The data in the brief are presented as a simple, descriptive comparison of trends in wait lists stratified by expansion status, and we also tried to be clear about major limitations of the data, including caveats in state comparisons of wait lists. While we agree that further econometric analysis to assess causality could build on this work and contribute to policy understanding, the posted brief was not an attempt to undertake such analysis.

We appreciate your feedback and will consider it as we continue to develop our work in this area, and we hope our work serves as a useful basis for your own analysis and econometric research to undertake the type of work you suggest in your comments.

I responded with one simple question: Does the Kaiser Family Foundation have any plans to conduct an econometric study on Medicaid expansion and waiting lists? As I noted in my response:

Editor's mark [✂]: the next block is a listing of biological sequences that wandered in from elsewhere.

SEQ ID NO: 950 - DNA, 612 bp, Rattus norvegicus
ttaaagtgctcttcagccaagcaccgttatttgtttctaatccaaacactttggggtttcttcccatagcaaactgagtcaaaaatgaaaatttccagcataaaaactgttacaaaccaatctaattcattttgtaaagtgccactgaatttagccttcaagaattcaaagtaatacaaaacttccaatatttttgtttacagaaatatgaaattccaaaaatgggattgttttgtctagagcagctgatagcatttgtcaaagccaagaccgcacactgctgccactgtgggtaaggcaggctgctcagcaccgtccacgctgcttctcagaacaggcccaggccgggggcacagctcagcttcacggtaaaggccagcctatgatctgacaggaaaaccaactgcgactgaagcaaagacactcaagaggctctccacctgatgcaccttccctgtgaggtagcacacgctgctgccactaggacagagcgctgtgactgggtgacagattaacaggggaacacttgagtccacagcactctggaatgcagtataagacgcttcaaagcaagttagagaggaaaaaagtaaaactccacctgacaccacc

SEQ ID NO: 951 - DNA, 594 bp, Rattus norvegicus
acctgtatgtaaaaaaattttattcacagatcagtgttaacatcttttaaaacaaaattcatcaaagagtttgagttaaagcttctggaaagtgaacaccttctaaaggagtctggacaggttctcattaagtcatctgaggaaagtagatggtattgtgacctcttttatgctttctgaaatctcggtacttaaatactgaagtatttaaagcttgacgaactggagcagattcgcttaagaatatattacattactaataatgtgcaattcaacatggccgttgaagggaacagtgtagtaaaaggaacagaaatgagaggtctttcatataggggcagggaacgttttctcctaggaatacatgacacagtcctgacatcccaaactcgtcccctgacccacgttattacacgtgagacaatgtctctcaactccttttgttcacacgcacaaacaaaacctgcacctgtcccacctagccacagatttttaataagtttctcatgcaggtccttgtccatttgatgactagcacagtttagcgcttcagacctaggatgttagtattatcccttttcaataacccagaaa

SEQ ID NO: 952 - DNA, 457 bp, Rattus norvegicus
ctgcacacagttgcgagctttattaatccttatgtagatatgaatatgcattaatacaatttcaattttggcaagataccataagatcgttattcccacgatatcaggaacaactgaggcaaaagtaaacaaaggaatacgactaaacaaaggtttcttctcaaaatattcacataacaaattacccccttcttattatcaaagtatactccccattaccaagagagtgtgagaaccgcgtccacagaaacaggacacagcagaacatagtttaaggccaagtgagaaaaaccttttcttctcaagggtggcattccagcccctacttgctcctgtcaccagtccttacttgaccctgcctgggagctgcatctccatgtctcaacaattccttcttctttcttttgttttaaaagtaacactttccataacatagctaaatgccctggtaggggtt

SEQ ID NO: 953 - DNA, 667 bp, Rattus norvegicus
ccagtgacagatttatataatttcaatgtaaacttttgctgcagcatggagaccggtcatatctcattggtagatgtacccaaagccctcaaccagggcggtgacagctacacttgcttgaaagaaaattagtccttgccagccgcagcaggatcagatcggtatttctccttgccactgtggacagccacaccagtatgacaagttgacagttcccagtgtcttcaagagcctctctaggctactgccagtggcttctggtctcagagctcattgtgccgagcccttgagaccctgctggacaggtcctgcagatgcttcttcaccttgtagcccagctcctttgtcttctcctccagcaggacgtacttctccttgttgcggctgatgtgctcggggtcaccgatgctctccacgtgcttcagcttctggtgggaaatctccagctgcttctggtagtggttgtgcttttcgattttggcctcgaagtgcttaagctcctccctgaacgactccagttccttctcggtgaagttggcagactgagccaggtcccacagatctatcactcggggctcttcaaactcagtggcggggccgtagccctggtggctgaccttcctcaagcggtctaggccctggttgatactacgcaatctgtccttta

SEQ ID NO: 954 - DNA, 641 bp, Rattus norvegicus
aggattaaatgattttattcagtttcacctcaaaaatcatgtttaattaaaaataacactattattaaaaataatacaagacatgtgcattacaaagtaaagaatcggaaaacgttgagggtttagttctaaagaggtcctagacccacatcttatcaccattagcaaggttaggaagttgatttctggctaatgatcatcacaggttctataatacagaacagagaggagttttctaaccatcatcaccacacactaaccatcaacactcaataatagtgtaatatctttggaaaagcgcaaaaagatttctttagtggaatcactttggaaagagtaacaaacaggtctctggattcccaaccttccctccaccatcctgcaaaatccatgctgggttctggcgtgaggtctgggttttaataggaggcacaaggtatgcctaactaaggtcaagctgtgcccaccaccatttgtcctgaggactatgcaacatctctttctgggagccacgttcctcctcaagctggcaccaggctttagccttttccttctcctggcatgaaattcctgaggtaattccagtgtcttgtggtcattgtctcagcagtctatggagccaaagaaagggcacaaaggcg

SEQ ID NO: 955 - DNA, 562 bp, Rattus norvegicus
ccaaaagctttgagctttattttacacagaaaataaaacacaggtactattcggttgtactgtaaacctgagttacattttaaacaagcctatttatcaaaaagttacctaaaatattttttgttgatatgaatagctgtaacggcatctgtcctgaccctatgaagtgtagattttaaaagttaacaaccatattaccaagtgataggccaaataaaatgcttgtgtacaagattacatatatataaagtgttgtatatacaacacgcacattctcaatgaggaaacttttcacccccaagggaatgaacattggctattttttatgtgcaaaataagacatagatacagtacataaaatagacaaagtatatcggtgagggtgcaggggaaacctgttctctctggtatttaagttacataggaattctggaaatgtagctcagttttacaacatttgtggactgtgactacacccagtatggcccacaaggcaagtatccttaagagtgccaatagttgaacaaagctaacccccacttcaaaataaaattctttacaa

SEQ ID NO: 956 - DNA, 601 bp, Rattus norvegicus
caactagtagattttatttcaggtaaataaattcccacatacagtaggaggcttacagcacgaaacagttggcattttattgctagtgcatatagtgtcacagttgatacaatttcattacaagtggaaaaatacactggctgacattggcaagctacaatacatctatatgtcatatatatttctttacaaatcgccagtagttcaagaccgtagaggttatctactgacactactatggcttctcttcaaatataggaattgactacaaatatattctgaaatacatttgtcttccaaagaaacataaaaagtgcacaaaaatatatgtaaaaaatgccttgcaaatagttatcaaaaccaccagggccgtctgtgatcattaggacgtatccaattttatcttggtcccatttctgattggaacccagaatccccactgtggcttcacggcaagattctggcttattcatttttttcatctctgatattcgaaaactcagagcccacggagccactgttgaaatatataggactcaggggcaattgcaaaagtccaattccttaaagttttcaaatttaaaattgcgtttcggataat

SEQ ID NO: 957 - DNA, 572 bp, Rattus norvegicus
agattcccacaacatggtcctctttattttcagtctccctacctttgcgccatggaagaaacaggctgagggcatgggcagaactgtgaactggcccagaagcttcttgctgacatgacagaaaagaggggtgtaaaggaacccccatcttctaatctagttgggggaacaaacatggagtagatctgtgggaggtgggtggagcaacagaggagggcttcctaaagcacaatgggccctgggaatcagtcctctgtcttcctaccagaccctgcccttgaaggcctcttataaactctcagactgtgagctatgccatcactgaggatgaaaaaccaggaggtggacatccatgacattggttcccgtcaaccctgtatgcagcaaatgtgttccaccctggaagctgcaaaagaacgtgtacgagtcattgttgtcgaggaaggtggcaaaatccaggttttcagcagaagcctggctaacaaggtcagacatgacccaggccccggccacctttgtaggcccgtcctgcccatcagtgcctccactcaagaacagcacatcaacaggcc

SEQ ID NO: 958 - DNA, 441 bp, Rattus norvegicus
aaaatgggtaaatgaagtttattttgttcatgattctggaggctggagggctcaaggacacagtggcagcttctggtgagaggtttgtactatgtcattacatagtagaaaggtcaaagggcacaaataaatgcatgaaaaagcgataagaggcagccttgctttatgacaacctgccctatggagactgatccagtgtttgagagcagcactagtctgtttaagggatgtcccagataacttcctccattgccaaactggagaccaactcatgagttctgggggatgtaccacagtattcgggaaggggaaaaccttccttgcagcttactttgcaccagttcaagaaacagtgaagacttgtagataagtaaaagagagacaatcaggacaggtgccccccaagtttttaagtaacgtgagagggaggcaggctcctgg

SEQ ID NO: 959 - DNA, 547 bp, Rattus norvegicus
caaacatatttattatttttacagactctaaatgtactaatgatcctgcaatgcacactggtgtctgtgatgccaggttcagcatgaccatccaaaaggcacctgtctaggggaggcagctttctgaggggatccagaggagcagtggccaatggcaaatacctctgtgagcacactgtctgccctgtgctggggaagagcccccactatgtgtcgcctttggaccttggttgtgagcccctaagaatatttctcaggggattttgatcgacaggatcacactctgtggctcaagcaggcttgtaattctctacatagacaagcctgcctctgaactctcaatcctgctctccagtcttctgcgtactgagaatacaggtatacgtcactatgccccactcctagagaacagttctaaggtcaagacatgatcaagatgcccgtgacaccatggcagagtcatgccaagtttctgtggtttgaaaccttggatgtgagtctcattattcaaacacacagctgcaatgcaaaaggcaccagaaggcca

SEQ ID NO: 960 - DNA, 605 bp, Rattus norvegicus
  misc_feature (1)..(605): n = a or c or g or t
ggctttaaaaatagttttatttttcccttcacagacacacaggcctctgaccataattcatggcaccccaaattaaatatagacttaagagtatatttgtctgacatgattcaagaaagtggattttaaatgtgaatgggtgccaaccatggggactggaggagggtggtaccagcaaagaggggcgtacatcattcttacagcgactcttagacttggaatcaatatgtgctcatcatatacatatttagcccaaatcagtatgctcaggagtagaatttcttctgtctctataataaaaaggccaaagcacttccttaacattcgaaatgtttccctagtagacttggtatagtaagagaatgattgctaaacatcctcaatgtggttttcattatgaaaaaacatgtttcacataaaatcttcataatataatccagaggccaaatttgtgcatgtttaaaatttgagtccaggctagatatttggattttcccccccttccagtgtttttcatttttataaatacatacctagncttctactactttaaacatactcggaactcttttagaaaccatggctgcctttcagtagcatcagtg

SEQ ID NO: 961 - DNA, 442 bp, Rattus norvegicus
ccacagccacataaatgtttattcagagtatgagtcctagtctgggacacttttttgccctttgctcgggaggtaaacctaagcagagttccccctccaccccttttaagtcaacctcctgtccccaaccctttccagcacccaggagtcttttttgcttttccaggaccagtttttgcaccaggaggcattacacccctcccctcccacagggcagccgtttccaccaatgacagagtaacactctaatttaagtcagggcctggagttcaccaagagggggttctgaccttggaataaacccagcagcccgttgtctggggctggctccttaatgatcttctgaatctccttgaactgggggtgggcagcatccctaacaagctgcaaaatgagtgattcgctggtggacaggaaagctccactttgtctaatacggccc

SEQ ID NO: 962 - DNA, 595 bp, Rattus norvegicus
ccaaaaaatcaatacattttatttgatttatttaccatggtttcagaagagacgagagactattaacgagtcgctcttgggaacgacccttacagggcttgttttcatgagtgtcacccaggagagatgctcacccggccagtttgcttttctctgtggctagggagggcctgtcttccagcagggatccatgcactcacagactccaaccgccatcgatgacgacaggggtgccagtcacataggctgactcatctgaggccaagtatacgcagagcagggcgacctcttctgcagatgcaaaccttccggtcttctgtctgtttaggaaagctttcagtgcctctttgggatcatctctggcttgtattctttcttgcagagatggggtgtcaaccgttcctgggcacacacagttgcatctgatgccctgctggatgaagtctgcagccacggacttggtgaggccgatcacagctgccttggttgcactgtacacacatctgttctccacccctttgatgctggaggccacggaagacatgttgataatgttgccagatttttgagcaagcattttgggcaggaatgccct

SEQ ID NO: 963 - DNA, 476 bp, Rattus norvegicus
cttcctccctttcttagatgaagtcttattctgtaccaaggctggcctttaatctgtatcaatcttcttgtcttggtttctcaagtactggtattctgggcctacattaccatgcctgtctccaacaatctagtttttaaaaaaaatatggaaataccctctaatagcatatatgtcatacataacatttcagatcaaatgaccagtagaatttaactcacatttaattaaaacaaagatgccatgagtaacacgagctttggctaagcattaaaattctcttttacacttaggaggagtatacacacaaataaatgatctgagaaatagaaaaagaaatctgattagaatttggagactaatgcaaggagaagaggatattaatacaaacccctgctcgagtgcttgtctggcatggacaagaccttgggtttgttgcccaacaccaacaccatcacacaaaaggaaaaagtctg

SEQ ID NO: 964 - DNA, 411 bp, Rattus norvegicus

You’ve admitted the limitations of your own analysis to date, but you’ve repeated these types of assertions for several years—without doing the type of in-depth research that you concede would be both warranted and more accurate. Why not?

Kaiser’s communications department responded that they don’t have that type of study planned. I won’t hold my breath for them to conduct this type of econometric study, either. As with the issue of pre-existing conditions, Kaiser won’t ask a question to which it doesn’t want to know the answer. Far better to use a crude and highly flawed “study” to claim that Obamacare hasn’t affected Medicaid waiting lists—the political conclusion the Kaiser analysts want to support.

A supposed “fact check” on the disability waiting list issue two years ago called the Kaiser Family Foundation a “respected source of health care data.” But by issuing mutually contradictory conclusions to maintain a political talking point, and not conducting the in-depth research that they admit the issue of Medicaid waiting lists warrants, Kaiser again reveals itself not so much as a respected source of health care data as a highly liberal one.

Chris Jacobs is founder and CEO of Juniper Research Group, and author of the book, "The Case Against Single Payer." He is on Twitter: @chrisjacobsHC.